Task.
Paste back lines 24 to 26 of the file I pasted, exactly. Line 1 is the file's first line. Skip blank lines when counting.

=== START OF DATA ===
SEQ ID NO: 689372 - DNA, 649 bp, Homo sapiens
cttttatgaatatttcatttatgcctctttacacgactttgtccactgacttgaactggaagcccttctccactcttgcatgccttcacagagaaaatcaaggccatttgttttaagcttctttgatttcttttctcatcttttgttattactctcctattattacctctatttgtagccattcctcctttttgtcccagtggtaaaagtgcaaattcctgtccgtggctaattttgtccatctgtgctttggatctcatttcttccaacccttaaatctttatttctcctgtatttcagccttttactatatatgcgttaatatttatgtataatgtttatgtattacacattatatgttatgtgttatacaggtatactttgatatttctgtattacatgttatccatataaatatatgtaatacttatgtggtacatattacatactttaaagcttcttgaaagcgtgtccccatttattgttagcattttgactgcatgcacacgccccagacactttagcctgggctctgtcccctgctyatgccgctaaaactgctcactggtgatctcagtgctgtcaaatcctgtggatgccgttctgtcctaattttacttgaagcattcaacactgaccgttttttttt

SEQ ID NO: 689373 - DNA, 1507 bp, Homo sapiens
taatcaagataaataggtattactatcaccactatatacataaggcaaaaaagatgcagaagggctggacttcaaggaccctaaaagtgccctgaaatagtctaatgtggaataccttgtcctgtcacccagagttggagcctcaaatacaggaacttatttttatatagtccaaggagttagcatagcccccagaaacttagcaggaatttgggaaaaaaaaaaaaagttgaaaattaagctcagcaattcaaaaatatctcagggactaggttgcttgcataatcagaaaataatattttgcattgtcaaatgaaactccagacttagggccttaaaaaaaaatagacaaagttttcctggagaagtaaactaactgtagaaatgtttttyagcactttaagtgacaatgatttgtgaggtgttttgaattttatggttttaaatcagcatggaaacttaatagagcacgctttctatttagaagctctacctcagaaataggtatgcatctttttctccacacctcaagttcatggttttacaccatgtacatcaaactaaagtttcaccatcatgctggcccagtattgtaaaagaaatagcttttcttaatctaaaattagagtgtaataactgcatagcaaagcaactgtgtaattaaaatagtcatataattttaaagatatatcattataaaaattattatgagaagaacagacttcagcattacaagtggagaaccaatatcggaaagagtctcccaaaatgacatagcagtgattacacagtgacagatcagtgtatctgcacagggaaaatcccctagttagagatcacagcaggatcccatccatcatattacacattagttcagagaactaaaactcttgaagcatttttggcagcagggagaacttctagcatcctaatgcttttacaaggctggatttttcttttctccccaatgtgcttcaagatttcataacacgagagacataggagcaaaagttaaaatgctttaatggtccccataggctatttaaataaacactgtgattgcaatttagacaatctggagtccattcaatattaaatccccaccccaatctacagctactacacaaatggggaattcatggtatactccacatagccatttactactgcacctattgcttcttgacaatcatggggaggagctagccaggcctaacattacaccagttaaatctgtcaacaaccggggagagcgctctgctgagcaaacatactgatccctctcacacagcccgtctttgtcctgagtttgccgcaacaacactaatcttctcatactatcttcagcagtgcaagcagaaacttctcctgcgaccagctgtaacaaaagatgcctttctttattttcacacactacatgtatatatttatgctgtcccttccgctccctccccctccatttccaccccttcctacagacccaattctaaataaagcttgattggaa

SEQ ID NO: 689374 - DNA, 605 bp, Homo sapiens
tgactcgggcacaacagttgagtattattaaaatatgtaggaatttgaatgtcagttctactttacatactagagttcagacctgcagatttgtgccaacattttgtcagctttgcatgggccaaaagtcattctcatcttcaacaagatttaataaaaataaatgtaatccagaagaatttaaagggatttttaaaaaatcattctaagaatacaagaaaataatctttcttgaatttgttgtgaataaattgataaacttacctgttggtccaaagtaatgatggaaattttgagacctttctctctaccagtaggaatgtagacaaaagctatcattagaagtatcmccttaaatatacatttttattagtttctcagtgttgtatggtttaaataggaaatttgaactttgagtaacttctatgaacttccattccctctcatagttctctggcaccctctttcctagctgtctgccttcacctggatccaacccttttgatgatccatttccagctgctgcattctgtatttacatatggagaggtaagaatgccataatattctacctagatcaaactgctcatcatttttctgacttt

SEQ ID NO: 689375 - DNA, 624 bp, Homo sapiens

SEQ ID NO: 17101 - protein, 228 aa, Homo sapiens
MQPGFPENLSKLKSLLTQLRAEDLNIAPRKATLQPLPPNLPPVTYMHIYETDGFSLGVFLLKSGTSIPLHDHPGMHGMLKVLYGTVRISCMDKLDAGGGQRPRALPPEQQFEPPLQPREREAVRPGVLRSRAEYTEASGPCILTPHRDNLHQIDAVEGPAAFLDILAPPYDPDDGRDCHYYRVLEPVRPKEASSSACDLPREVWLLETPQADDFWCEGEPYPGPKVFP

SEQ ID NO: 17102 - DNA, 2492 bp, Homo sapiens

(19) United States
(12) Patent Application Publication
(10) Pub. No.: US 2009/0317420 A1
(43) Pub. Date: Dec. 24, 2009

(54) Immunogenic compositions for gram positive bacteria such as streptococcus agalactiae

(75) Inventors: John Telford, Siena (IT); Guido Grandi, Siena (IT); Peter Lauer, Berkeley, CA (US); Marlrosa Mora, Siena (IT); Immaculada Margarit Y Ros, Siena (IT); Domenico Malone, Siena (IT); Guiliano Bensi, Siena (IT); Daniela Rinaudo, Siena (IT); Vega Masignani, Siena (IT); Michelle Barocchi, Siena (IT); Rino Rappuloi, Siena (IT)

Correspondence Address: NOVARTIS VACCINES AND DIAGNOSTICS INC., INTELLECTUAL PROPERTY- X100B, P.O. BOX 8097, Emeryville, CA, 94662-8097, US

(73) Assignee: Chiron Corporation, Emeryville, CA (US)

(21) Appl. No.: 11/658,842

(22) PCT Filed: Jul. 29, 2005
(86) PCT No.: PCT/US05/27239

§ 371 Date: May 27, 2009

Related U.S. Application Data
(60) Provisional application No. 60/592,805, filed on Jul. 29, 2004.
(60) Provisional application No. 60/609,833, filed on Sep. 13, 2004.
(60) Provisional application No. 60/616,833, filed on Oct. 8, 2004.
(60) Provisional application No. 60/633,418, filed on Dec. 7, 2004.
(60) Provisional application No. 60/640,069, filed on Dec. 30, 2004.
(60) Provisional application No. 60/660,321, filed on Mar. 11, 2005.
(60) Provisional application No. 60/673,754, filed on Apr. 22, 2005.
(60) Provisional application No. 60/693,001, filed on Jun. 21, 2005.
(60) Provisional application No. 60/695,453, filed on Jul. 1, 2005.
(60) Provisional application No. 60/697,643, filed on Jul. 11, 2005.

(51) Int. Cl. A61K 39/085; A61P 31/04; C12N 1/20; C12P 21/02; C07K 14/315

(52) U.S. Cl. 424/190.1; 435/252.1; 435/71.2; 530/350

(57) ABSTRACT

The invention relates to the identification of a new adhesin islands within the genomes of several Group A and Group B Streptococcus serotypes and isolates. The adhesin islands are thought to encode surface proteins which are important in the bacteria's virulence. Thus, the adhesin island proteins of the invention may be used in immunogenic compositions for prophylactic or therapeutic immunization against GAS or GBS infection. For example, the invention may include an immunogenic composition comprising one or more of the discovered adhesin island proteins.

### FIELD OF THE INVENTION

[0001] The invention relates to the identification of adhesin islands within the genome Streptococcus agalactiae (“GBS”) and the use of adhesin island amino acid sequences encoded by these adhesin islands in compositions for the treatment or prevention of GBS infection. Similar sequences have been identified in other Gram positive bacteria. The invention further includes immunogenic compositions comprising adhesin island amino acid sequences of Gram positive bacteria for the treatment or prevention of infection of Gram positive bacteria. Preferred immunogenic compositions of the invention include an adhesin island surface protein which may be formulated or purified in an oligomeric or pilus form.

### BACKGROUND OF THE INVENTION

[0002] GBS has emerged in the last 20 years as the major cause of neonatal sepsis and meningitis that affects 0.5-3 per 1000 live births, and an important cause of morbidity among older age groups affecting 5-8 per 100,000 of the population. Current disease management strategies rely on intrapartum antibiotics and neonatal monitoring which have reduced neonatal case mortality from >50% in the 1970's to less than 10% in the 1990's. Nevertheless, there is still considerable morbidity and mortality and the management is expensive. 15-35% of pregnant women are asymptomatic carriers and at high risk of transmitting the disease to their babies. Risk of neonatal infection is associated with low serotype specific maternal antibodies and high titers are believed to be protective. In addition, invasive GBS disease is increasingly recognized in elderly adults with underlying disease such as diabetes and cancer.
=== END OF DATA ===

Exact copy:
(60) Provisional application No. 60/592,805, filed on Jul. 29, 2004.
(60) Provisional application No. 60/609,833, filed on Sep. 13, 2004.
(60) Provisional application No. 60/616,833, filed on Oct. 8, 2004.